China floods pose awkward questions for Communist party

Chinese politics & policy updates

Flash floods in central China’s Henan province this month have spurred a revamp of the Communist party’s emergency response plans as it prepares for the intensifying threat of extreme weather.

Grieving family members and online commentators have criticised local authorities in Zhengzhou, Henan’s capital, for failing to prevent water from blocking tunnels and filling up subway cars. The number of confirmed deaths hit 99 on Thursday.

Authorities have labelled the downpour a “once per 5,000 years” event, after almost eight months’ worth of rain lashed Zhengzhou on July 20. But the natural disaster was worsened by “a systemic human disaster”, one Zhengzhou-based academic wrote on social media.

“Natural disaster was the external trigger but the man-made disaster was the internal factor,” they wrote. “As such, we must legally investigate Zhengzhou city’s senior politicians for the crime of dereliction of duty.”

China must prepare for more extreme weather

China’s one-party state prides itself on leading swift and competent rescue operations following natural disasters, as well as strict disciplinary measures for officials deemed responsible for lapses in preventing damage.

Beijing has celebrated its success in largely eradicating coronavirus, despite early missteps in its response to the outbreak. Xi Jinping, China’s president, has pointed to mass testing, strict lockdowns and rapid contact tracing as the “notable advantages” of party leadership and the country’s political system.

The National Development and Reform Commission, China’s top economic planning body, warned officials on Monday not to rely on “luck” and encouraged them to overcome “paralysis” to close subways, business and schools as soon as an extreme weather warning is issued.

Top party leaders often rush to the front lines to lead the emergency response. But Xi, who has taken personal control of the party to a greater degree than any Chinese leader since Deng Xiaoping, was on his first visit to Tibet since becoming leader. It was not until Wednesday morning that the president sent in the army and ordered officials to take charge of fighting the floods.

Beijing’s use of grand infrastructure projects to tame the deadly floods of the Yellow river has become an important piece of Communist party lore. That had made the threat of extreme weather events as a result of global warming a sensitive issue for the party, said Scott Moore, an expert on China’s water management policy at the University of Pennsylvania. 

The Yellow River Conservancy Commission, the Zhengzhou-headquartered department responsible for managing seasonal floods along China’s second-longest river, has built a high-tech system to control flooding. But it had not been designed to deal with flash floods caused by intense rain, Moore said.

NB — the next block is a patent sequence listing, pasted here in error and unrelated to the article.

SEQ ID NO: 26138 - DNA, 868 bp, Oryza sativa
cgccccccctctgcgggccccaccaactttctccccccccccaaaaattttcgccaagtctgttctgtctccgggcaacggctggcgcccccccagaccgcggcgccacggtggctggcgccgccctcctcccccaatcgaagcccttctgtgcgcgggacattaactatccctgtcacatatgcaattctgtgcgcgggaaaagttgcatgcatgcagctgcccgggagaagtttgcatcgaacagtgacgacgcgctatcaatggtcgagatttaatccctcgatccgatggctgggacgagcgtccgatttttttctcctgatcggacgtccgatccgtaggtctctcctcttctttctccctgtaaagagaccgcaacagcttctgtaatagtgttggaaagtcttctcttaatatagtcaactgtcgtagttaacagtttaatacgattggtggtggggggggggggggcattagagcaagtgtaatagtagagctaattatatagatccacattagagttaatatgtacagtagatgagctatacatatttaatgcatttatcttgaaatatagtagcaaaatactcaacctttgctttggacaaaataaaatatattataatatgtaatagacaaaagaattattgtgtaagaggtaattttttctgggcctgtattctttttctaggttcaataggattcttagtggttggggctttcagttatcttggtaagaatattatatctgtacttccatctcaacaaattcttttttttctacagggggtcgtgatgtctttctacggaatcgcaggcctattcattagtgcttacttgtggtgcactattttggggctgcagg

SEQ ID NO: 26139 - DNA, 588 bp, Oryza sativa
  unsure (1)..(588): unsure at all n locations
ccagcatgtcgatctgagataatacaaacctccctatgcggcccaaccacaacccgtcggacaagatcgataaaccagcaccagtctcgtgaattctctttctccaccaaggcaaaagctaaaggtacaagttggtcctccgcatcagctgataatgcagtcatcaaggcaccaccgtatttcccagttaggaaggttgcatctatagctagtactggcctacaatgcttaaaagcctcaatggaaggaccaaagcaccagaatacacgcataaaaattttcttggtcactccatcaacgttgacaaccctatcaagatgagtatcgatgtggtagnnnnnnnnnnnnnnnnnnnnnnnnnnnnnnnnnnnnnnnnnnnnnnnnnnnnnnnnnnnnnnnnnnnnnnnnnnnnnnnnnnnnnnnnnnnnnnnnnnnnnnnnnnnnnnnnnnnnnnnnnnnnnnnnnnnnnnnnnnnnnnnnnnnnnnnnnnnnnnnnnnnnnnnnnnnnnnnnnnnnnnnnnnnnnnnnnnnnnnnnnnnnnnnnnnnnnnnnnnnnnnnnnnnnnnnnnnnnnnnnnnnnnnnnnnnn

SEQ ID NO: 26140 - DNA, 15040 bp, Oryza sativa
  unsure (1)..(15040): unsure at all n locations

“There’s a mismatch between historical baseline flooding and the new normal of global warming flooding, which is more likely to be caused by unusual meteorological events,” he said. “To have this kind of catastrophic flooding makes a mockery of that system; it’s an indictment.”

The Communist party confronts a backlash

The party’s flood control strategy also includes tight control of online discussion and media coverage of events. Both foreign correspondents and local Chinese journalists reported being harassed when attempting to report on deaths in the Jingguang tunnels in Zhengzhou where dozens of cars were trapped.

Local officials were instructed to conduct door-to-door visits to local businesses to warn against giving interviews to foreign media, according to an internal memo reported by the China Digital Times, a group that tracks censorship directives and online discussion at the University of California, Berkeley.

Residents place flowers outside a train station in Zhengzhou where at least 14 people died in a submerged railway carriage
Residents place flowers outside a station in Zhengzhou where at least 14 people died in a submerged railway carriage © AP

Officials also set up a yellow barrier around flowers placed at the entrance to the Shakoulu subway station, where water had burst through a wall and about 500 passengers were stuck in submerged subway cars and at least 14 died. 

After an outcry online at the apparent effort to limit mourning, the barriers had been removed within a day and the street was quickly covered with hundreds of bouquets.

The floods also led to individual acts of heroism that were celebrated on Chinese social media after videos and images went viral. A former army commando in a white T-shirt swam car-to-car to rescue those trapped inside. A team of volunteers pulled people from an underground shopping centre against a torrent of water.

Moved by the desperation she encountered online, a student based in Puyang, a small city in the north of Henan, set up an open-access shared Tencent spreadsheet to gather and organise data so rescue teams could find those in danger.

Manto, who asked to be referred to by her screen name, said that what started as an effort by 32 classmates and friends quickly became a collaborative exercise with more volunteers than she could count, after Tencent promoted the document on its official social media channels.

“We were only a small part,” she said. “The actual rescue still relied on the immense power of the state arriving on the front lines.”

Additional reporting by Sun Yu in Beijing

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